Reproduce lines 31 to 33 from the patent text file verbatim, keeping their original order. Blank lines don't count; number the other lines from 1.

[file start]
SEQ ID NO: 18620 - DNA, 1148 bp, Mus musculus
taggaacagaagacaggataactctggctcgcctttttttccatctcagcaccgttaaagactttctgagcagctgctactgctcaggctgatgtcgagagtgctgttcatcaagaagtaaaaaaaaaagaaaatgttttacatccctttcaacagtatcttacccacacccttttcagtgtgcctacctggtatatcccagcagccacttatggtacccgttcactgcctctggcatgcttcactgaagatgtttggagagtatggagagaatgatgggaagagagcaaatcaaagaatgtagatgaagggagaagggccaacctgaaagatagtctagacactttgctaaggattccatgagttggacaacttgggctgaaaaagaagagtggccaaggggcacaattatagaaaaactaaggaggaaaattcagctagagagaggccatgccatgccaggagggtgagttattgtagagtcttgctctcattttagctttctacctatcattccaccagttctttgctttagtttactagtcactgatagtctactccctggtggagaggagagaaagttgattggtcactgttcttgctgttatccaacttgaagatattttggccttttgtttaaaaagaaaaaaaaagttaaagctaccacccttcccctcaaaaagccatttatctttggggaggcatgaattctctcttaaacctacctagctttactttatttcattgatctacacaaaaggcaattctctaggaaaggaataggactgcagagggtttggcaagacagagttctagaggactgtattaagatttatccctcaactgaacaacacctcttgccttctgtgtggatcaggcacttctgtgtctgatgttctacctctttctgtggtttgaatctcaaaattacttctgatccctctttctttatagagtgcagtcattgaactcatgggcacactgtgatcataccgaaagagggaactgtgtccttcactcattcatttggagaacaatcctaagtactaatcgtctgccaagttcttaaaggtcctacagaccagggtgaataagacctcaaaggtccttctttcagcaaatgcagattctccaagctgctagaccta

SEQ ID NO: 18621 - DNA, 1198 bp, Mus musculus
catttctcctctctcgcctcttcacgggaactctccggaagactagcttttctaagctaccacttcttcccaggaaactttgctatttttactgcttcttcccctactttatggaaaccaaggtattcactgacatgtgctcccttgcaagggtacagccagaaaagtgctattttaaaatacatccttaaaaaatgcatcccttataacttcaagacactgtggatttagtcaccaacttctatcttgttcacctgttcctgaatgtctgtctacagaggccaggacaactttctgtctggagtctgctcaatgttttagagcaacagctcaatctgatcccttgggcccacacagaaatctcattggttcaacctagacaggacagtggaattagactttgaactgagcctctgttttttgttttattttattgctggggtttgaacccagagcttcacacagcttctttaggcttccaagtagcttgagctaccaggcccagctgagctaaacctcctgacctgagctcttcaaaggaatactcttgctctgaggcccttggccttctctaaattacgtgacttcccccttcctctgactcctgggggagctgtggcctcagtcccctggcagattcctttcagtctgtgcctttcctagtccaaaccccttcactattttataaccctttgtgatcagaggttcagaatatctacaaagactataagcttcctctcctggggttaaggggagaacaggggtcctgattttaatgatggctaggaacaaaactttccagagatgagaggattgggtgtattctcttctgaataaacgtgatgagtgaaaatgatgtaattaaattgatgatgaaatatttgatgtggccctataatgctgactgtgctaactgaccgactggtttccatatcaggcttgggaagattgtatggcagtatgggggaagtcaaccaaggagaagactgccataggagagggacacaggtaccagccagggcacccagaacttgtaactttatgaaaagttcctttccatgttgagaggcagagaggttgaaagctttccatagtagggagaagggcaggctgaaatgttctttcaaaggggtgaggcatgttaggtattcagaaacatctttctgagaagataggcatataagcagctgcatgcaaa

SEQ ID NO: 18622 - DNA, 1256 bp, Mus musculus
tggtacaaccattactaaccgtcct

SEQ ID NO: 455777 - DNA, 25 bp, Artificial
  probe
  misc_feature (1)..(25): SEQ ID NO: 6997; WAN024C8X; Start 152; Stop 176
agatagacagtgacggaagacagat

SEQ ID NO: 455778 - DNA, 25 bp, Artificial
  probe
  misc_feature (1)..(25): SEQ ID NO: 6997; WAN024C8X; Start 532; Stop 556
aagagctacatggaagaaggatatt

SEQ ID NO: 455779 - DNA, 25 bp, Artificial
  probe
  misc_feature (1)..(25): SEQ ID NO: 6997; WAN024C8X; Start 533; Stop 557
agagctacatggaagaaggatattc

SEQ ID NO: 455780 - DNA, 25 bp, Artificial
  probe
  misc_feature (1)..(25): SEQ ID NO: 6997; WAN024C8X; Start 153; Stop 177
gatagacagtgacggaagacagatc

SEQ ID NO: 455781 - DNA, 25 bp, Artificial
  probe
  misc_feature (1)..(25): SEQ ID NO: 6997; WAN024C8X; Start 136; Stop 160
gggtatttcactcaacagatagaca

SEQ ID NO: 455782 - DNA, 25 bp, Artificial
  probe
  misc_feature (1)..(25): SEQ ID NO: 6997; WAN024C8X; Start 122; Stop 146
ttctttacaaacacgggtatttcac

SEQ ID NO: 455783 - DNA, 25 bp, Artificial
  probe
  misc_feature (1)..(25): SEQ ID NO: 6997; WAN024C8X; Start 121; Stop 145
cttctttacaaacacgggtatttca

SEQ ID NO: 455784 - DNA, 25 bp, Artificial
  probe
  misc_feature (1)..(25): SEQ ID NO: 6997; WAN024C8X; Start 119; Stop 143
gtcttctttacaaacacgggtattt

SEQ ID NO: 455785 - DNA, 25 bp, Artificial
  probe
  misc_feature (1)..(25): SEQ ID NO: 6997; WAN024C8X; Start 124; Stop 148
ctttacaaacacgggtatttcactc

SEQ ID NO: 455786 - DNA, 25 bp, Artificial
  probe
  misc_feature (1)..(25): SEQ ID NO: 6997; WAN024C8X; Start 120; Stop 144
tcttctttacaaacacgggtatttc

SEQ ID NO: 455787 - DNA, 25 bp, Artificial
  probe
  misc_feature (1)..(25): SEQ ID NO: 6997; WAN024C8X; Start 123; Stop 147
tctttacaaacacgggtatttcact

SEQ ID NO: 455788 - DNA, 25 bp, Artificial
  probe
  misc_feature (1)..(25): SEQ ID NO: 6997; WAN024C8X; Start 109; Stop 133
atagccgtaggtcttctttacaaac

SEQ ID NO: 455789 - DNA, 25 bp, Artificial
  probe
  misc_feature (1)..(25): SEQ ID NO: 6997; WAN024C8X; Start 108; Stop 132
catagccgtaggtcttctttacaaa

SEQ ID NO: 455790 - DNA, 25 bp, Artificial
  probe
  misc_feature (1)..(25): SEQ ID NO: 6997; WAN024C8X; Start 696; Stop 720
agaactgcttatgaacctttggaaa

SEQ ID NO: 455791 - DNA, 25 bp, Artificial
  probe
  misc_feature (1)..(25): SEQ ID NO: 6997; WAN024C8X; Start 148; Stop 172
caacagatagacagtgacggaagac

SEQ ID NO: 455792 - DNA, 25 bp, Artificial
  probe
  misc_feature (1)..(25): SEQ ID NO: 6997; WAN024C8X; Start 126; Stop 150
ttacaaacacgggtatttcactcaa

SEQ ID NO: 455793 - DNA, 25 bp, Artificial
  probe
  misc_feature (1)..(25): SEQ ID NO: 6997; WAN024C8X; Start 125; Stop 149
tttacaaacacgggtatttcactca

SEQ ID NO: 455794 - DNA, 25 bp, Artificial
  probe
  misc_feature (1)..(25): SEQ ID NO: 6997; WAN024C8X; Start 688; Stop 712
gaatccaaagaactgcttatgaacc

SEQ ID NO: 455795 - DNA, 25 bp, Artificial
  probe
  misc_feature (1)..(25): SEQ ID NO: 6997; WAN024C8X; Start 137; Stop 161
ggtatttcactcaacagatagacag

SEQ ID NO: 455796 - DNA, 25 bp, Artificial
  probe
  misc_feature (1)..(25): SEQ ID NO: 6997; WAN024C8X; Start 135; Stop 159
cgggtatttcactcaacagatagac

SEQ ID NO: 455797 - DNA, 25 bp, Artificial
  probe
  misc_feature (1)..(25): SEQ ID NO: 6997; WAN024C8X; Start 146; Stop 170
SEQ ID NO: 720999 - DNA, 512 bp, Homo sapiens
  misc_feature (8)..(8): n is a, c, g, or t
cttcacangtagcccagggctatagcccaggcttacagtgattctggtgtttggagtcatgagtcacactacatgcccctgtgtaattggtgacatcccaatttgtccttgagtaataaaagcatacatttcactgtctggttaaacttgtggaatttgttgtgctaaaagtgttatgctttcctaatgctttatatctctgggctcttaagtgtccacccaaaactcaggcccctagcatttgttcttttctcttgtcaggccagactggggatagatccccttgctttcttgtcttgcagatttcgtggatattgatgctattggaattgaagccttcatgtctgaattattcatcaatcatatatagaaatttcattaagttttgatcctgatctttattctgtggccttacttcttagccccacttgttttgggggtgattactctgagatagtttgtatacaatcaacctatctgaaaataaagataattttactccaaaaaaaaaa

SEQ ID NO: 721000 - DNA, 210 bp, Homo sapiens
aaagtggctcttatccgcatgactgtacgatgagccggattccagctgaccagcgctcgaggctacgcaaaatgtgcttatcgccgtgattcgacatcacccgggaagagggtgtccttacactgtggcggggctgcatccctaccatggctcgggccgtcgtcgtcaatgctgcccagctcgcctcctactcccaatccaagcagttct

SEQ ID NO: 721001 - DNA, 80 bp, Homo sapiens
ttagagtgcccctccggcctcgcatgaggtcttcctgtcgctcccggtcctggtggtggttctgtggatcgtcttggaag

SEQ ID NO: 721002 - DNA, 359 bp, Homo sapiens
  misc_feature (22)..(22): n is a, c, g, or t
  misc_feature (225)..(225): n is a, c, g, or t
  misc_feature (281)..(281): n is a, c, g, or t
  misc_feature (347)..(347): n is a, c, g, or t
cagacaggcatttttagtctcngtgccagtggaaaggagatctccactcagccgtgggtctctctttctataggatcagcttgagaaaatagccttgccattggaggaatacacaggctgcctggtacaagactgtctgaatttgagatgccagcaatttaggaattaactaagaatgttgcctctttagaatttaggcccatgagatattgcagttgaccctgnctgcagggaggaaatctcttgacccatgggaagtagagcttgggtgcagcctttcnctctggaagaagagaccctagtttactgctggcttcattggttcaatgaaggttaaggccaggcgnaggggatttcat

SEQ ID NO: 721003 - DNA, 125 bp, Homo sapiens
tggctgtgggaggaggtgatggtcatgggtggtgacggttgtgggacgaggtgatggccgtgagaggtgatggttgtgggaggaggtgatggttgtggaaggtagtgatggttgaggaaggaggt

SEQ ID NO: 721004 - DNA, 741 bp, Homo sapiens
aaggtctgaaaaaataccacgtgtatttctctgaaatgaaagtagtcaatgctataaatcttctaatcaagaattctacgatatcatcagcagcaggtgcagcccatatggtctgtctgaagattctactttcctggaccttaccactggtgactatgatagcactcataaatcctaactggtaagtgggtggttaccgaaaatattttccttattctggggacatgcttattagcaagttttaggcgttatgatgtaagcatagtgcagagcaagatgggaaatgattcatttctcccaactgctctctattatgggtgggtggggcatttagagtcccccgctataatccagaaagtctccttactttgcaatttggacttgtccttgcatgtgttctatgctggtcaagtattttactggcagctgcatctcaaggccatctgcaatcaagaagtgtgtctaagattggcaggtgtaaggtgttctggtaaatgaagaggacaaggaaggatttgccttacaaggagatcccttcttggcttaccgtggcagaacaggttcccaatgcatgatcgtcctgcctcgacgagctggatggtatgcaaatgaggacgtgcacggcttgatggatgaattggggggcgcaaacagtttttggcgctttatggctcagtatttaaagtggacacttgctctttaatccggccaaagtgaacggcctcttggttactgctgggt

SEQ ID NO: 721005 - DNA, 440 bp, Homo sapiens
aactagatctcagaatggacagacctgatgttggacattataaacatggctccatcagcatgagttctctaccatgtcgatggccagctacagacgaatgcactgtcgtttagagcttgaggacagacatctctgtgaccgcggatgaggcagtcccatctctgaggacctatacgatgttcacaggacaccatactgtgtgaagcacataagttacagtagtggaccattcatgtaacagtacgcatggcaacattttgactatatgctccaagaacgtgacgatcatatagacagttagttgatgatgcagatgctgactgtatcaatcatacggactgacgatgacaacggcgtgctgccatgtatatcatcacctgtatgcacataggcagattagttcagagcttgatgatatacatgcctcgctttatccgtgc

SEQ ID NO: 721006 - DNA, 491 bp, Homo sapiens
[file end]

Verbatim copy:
SEQ ID NO: 455783 - DNA, 25 bp, Artificial
  probe
  misc_feature (1)..(25): SEQ ID NO: 6997; WAN024C8X; Start 121; Stop 145